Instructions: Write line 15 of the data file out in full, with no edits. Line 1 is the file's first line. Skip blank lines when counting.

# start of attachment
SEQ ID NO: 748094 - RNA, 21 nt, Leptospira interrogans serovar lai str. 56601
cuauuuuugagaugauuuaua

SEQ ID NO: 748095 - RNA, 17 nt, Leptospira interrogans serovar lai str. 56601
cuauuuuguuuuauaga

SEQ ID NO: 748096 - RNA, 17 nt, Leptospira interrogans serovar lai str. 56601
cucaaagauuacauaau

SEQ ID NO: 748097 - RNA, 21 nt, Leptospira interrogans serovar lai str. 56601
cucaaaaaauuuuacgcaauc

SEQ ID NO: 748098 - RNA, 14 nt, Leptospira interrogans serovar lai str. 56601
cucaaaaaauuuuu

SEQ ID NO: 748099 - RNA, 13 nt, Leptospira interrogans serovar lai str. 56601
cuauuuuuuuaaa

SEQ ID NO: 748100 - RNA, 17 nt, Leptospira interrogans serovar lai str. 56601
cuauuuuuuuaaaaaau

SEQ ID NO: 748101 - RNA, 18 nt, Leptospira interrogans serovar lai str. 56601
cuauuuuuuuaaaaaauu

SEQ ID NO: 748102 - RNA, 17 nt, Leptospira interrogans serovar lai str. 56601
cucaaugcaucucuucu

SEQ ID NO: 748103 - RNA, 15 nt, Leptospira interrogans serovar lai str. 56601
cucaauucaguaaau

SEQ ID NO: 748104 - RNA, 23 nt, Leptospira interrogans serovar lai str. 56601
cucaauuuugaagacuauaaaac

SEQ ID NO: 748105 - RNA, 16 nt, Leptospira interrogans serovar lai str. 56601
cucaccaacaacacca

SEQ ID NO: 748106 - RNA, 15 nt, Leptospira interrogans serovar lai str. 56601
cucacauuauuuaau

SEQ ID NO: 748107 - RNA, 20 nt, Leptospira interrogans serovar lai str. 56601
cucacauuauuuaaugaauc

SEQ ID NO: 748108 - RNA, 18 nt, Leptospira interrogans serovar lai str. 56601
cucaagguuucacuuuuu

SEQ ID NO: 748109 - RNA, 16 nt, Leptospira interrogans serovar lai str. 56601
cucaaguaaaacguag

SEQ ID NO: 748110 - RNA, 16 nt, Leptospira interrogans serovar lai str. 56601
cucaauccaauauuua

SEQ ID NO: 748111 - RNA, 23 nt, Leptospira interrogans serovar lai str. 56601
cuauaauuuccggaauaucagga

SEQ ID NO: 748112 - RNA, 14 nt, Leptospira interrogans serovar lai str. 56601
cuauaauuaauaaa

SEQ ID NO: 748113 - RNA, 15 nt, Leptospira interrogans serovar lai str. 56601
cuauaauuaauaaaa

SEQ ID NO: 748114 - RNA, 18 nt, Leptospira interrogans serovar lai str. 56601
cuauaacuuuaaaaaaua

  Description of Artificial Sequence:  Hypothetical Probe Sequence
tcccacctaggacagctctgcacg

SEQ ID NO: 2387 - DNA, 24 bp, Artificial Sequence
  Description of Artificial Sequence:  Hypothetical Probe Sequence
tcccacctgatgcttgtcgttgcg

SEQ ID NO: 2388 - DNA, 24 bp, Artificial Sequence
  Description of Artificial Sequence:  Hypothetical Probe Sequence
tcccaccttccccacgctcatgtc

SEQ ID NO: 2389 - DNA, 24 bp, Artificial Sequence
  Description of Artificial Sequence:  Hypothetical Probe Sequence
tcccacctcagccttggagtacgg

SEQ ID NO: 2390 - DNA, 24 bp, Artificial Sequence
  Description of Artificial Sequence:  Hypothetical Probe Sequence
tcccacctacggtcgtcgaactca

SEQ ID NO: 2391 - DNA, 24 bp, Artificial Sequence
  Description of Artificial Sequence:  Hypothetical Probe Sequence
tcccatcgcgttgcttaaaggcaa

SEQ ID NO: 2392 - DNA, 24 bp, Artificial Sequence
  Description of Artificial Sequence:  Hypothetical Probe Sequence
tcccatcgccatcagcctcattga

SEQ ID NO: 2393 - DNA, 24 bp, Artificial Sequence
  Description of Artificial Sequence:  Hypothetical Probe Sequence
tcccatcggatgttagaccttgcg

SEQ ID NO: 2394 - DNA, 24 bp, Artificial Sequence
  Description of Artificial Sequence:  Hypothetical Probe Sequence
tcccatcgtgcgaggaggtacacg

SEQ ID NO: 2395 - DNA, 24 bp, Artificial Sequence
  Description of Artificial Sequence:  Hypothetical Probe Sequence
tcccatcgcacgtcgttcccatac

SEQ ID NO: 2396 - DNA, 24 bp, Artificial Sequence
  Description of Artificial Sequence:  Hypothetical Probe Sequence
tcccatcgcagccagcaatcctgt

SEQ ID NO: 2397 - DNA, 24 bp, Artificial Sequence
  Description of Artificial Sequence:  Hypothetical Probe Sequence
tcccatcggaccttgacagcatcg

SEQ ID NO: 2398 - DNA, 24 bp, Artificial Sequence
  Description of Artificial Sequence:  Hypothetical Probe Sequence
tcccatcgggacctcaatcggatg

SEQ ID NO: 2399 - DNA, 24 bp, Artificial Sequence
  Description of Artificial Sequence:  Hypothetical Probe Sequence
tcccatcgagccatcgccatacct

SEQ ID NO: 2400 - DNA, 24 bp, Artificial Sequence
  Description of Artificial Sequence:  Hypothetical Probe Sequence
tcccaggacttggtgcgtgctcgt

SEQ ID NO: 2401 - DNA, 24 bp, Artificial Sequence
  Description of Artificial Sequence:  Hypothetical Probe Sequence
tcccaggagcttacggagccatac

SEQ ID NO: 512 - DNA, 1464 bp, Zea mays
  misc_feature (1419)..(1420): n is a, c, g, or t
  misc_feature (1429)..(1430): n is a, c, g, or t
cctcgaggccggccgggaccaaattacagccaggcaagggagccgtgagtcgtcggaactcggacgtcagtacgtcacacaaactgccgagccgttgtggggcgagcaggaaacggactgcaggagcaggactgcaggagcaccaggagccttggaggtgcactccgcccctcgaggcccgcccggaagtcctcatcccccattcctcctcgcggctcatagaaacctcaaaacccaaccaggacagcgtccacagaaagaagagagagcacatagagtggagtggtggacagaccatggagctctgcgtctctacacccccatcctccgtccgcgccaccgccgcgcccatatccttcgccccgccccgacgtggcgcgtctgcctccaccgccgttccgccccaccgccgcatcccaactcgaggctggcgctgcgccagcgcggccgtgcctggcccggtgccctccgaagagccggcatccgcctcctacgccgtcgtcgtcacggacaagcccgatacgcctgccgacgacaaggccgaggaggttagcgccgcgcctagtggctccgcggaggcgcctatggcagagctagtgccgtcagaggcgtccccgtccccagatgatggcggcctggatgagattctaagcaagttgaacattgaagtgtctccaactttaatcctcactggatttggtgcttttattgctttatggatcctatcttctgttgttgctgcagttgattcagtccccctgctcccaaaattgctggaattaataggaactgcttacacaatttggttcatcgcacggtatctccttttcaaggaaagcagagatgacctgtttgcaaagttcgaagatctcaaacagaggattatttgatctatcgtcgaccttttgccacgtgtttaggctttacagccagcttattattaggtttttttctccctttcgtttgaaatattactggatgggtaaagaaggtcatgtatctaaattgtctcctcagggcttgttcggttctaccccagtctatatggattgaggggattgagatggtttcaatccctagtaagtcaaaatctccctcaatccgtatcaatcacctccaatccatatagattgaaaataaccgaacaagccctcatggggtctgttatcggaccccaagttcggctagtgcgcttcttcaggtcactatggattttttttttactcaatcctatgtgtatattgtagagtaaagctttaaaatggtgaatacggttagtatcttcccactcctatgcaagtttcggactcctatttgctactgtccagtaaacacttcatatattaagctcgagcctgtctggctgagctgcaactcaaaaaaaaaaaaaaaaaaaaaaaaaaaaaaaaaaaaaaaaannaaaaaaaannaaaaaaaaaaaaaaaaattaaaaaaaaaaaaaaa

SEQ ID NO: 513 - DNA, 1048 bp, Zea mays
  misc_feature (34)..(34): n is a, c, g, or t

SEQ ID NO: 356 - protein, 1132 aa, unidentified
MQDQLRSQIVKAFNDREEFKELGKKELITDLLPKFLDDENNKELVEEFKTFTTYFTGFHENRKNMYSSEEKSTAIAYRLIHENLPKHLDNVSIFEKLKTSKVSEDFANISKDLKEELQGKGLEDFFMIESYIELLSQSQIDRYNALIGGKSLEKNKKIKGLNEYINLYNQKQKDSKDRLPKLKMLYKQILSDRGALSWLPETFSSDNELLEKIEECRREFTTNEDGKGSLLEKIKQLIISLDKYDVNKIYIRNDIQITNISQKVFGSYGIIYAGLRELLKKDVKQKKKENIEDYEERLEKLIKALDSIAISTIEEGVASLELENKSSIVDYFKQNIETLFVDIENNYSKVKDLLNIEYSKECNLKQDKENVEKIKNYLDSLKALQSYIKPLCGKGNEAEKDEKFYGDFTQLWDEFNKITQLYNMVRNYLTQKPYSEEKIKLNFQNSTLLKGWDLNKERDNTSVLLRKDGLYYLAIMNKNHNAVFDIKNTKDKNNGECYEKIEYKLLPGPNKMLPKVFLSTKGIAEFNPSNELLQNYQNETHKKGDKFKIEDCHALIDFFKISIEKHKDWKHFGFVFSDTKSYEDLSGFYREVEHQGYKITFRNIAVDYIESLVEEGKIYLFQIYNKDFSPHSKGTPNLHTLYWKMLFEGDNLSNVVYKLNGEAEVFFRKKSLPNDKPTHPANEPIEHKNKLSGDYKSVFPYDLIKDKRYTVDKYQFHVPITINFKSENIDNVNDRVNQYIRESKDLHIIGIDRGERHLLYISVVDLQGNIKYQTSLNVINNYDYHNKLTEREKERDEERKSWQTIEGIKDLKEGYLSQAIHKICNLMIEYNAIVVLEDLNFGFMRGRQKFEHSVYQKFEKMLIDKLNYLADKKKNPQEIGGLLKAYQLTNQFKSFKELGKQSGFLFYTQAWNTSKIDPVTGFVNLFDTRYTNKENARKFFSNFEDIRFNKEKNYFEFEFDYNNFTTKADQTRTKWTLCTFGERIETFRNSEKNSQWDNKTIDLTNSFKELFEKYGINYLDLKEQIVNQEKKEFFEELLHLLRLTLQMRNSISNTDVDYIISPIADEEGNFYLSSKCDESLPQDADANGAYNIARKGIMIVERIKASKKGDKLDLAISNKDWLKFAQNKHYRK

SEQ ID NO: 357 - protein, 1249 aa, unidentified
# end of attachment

SEQ ID NO: 748101 - RNA, 18 nt, Leptospira interrogans serovar lai str. 56601